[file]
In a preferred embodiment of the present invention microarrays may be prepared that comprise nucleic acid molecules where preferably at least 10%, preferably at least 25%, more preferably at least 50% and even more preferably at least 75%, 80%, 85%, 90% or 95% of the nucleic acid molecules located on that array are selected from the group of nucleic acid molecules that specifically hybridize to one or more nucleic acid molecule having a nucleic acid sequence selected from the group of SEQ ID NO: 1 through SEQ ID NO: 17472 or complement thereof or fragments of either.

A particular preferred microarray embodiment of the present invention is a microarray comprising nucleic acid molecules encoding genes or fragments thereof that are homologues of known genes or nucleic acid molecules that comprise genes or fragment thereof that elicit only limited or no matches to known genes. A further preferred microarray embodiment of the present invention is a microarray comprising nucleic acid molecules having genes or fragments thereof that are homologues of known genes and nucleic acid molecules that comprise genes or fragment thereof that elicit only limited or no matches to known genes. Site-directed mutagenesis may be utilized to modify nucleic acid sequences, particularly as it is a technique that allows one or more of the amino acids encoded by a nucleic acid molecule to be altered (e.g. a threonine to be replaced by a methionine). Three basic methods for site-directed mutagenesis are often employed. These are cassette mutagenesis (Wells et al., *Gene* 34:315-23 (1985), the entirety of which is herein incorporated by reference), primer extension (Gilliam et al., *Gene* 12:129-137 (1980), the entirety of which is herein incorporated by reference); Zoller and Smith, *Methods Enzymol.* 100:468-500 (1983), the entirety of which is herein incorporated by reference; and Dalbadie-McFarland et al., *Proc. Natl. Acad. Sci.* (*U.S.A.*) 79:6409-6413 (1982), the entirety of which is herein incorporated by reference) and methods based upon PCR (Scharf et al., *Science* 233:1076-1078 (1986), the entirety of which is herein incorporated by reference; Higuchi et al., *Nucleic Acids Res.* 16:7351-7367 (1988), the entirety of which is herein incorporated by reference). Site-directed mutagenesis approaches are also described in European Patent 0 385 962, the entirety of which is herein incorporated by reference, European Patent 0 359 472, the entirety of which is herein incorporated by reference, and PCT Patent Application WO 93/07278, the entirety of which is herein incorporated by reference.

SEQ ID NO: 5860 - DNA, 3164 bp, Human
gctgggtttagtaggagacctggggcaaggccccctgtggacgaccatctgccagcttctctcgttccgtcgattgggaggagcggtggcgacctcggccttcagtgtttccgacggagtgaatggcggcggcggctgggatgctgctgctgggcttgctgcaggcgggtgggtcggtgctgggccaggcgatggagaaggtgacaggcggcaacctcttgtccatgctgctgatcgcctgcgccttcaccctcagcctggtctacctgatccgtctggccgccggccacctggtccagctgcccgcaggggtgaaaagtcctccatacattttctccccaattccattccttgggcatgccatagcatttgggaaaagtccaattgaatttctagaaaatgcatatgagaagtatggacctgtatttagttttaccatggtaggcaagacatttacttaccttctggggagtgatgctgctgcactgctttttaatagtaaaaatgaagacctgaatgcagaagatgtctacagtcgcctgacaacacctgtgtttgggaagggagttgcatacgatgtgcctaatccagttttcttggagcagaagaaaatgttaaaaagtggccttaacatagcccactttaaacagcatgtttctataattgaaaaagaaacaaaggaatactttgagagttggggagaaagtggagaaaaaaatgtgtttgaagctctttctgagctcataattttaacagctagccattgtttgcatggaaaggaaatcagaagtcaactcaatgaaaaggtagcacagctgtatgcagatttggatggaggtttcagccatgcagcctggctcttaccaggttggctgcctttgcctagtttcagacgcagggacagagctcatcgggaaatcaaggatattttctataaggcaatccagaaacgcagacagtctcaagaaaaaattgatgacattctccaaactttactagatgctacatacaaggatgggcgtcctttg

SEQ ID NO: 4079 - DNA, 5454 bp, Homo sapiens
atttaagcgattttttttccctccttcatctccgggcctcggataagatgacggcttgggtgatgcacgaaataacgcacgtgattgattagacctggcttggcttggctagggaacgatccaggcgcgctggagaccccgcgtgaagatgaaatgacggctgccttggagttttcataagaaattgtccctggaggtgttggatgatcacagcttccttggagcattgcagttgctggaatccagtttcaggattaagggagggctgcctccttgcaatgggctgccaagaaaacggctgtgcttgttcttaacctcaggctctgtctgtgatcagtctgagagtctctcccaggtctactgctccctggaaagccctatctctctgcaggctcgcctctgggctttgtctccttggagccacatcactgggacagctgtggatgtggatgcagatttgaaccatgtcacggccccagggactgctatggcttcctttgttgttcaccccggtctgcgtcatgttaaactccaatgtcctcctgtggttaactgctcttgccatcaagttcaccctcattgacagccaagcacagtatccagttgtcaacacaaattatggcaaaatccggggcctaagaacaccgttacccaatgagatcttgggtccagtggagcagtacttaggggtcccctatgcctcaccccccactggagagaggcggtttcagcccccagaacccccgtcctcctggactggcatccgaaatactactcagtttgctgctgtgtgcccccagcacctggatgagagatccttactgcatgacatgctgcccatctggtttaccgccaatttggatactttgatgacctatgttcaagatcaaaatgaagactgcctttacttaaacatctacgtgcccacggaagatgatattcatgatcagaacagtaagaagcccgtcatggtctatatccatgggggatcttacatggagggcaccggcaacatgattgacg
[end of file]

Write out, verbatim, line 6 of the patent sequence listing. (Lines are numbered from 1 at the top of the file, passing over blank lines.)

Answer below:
atttaagcgattttttttccctccttcatctccgggcctcggataagatgacggcttgggtgatgcacgaaataacgcacgtgattgattagacctggcttggcttggctagggaacgatccaggcgcgctggagaccccgcgtgaagatgaaatgacggctgccttggagttttcataagaaattgtccctggaggtgttggatgatcacagcttccttggagcattgcagttgctggaatccagtttcaggattaagggagggctgcctccttgcaatgggctgccaagaaaacggctgtgcttgttcttaacctcaggctctgtctgtgatcagtctgagagtctctcccaggtctactgctccctggaaagccctatctctctgcaggctcgcctctgggctttgtctccttggagccacatcactgggacagctgtggatgtggatgcagatttgaaccatgtcacggccccagggactgctatggcttcctttgttgttcaccccggtctgcgtcatgttaaactccaatgtcctcctgtggttaactgctcttgccatcaagttcaccctcattgacagccaagcacagtatccagttgtcaacacaaattatggcaaaatccggggcctaagaacaccgttacccaatgagatcttgggtccagtggagcagtacttaggggtcccctatgcctcaccccccactggagagaggcggtttcagcccccagaacccccgtcctcctggactggcatccgaaatactactcagtttgctgctgtgtgcccccagcacctggatgagagatccttactgcatgacatgctgcccatctggtttaccgccaatttggatactttgatgacctatgttcaagatcaaaatgaagactgcctttacttaaacatctacgtgcccacggaagatgatattcatgatcagaacagtaagaagcccgtcatggtctatatccatgggggatcttacatggagggcaccggcaacatgattgacg